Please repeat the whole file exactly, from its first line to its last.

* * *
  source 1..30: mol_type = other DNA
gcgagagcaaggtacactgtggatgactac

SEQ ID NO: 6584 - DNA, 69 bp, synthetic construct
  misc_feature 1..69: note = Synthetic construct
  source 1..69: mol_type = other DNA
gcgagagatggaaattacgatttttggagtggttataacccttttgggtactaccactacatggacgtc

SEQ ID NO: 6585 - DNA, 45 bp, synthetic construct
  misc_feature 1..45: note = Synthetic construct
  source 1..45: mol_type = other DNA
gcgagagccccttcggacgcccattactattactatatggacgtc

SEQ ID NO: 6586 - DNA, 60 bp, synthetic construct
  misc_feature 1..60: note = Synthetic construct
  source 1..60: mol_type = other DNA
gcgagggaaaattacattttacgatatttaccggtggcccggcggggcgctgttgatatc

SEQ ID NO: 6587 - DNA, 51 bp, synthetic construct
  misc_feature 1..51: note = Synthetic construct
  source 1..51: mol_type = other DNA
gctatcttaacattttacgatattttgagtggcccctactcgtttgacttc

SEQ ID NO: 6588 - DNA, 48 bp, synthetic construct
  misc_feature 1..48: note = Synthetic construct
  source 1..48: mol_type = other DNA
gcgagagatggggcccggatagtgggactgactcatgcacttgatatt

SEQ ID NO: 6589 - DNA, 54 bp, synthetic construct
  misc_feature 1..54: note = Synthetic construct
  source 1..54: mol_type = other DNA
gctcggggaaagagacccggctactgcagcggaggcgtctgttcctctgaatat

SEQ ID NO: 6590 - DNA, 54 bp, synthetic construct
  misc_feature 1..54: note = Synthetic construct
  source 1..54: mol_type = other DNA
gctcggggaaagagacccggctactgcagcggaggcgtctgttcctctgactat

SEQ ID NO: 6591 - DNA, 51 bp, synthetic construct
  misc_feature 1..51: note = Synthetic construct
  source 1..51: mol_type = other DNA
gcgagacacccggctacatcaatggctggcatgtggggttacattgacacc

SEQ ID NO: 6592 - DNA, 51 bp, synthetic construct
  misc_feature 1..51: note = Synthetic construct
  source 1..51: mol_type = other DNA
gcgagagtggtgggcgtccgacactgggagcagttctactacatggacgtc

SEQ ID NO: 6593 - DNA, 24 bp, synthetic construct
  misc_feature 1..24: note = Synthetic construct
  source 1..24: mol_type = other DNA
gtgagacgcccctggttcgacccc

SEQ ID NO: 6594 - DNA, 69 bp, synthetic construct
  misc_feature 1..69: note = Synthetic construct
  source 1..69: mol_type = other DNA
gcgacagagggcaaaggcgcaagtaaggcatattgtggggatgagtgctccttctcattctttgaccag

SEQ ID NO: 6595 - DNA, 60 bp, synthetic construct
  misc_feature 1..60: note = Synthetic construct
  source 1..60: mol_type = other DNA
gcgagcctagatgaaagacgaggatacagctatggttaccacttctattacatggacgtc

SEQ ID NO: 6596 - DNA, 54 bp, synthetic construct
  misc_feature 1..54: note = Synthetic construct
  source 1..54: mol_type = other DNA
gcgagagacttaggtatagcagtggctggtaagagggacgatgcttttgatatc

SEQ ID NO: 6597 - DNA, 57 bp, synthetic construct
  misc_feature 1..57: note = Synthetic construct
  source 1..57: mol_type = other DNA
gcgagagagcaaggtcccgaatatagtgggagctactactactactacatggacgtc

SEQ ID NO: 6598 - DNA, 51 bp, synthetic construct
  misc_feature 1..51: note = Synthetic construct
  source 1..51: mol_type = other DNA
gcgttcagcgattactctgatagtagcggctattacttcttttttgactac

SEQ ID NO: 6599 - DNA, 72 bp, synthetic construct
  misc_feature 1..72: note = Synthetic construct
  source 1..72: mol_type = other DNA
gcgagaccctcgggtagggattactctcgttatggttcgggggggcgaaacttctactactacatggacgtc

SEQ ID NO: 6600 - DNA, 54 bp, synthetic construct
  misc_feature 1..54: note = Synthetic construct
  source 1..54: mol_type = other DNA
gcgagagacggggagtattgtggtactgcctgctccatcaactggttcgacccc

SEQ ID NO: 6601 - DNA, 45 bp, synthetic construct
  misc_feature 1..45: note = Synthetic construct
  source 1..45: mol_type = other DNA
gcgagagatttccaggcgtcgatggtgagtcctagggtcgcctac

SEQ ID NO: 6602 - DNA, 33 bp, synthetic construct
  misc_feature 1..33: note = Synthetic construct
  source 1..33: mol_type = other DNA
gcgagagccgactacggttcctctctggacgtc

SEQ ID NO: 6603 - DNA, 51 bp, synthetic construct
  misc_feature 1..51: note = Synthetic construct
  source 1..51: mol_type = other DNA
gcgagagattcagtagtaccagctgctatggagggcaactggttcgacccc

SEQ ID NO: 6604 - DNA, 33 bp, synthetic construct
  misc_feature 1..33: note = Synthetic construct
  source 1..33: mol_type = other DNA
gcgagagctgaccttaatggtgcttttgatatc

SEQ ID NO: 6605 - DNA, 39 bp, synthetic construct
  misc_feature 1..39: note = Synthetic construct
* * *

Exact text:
  source 1..30: mol_type = other DNA
gcgagagcaaggtacactgtggatgactac

SEQ ID NO: 6584 - DNA, 69 bp, synthetic construct
  misc_feature 1..69: note = Synthetic construct
  source 1..69: mol_type = other DNA
gcgagagatggaaattacgatttttggagtggttataacccttttgggtactaccactacatggacgtc

SEQ ID NO: 6585 - DNA, 45 bp, synthetic construct
  misc_feature 1..45: note = Synthetic construct
  source 1..45: mol_type = other DNA
gcgagagccccttcggacgcccattactattactatatggacgtc

SEQ ID NO: 6586 - DNA, 60 bp, synthetic construct
  misc_feature 1..60: note = Synthetic construct
  source 1..60: mol_type = other DNA
gcgagggaaaattacattttacgatatttaccggtggcccggcggggcgctgttgatatc

SEQ ID NO: 6587 - DNA, 51 bp, synthetic construct
  misc_feature 1..51: note = Synthetic construct
  source 1..51: mol_type = other DNA
gctatcttaacattttacgatattttgagtggcccctactcgtttgacttc

SEQ ID NO: 6588 - DNA, 48 bp, synthetic construct
  misc_feature 1..48: note = Synthetic construct
  source 1..48: mol_type = other DNA
gcgagagatggggcccggatagtgggactgactcatgcacttgatatt

SEQ ID NO: 6589 - DNA, 54 bp, synthetic construct
  misc_feature 1..54: note = Synthetic construct
  source 1..54: mol_type = other DNA
gctcggggaaagagacccggctactgcagcggaggcgtctgttcctctgaatat

SEQ ID NO: 6590 - DNA, 54 bp, synthetic construct
  misc_feature 1..54: note = Synthetic construct
  source 1..54: mol_type = other DNA
gctcggggaaagagacccggctactgcagcggaggcgtctgttcctctgactat

SEQ ID NO: 6591 - DNA, 51 bp, synthetic construct
  misc_feature 1..51: note = Synthetic construct
  source 1..51: mol_type = other DNA
gcgagacacccggctacatcaatggctggcatgtggggttacattgacacc

SEQ ID NO: 6592 - DNA, 51 bp, synthetic construct
  misc_feature 1..51: note = Synthetic construct
  source 1..51: mol_type = other DNA
gcgagagtggtgggcgtccgacactgggagcagttctactacatggacgtc

SEQ ID NO: 6593 - DNA, 24 bp, synthetic construct
  misc_feature 1..24: note = Synthetic construct
  source 1..24: mol_type = other DNA
gtgagacgcccctggttcgacccc

SEQ ID NO: 6594 - DNA, 69 bp, synthetic construct
  misc_feature 1..69: note = Synthetic construct
  source 1..69: mol_type = other DNA
gcgacagagggcaaaggcgcaagtaaggcatattgtggggatgagtgctccttctcattctttgaccag

SEQ ID NO: 6595 - DNA, 60 bp, synthetic construct
  misc_feature 1..60: note = Synthetic construct
  source 1..60: mol_type = other DNA
gcgagcctagatgaaagacgaggatacagctatggttaccacttctattacatggacgtc

SEQ ID NO: 6596 - DNA, 54 bp, synthetic construct
  misc_feature 1..54: note = Synthetic construct
  source 1..54: mol_type = other DNA
gcgagagacttaggtatagcagtggctggtaagagggacgatgcttttgatatc

SEQ ID NO: 6597 - DNA, 57 bp, synthetic construct
  misc_feature 1..57: note = Synthetic construct
  source 1..57: mol_type = other DNA
gcgagagagcaaggtcccgaatatagtgggagctactactactactacatggacgtc

SEQ ID NO: 6598 - DNA, 51 bp, synthetic construct
  misc_feature 1..51: note = Synthetic construct
  source 1..51: mol_type = other DNA
gcgttcagcgattactctgatagtagcggctattacttcttttttgactac

SEQ ID NO: 6599 - DNA, 72 bp, synthetic construct
  misc_feature 1..72: note = Synthetic construct
  source 1..72: mol_type = other DNA
gcgagaccctcgggtagggattactctcgttatggttcgggggggcgaaacttctactactacatggacgtc

SEQ ID NO: 6600 - DNA, 54 bp, synthetic construct
  misc_feature 1..54: note = Synthetic construct
  source 1..54: mol_type = other DNA
gcgagagacggggagtattgtggtactgcctgctccatcaactggttcgacccc

SEQ ID NO: 6601 - DNA, 45 bp, synthetic construct
  misc_feature 1..45: note = Synthetic construct
  source 1..45: mol_type = other DNA
gcgagagatttccaggcgtcgatggtgagtcctagggtcgcctac

SEQ ID NO: 6602 - DNA, 33 bp, synthetic construct
  misc_feature 1..33: note = Synthetic construct
  source 1..33: mol_type = other DNA
gcgagagccgactacggttcctctctggacgtc

SEQ ID NO: 6603 - DNA, 51 bp, synthetic construct
  misc_feature 1..51: note = Synthetic construct
  source 1..51: mol_type = other DNA
gcgagagattcagtagtaccagctgctatggagggcaactggttcgacccc

SEQ ID NO: 6604 - DNA, 33 bp, synthetic construct
  misc_feature 1..33: note = Synthetic construct
  source 1..33: mol_type = other DNA
gcgagagctgaccttaatggtgcttttgatatc

SEQ ID NO: 6605 - DNA, 39 bp, synthetic construct
  misc_feature 1..39: note = Synthetic construct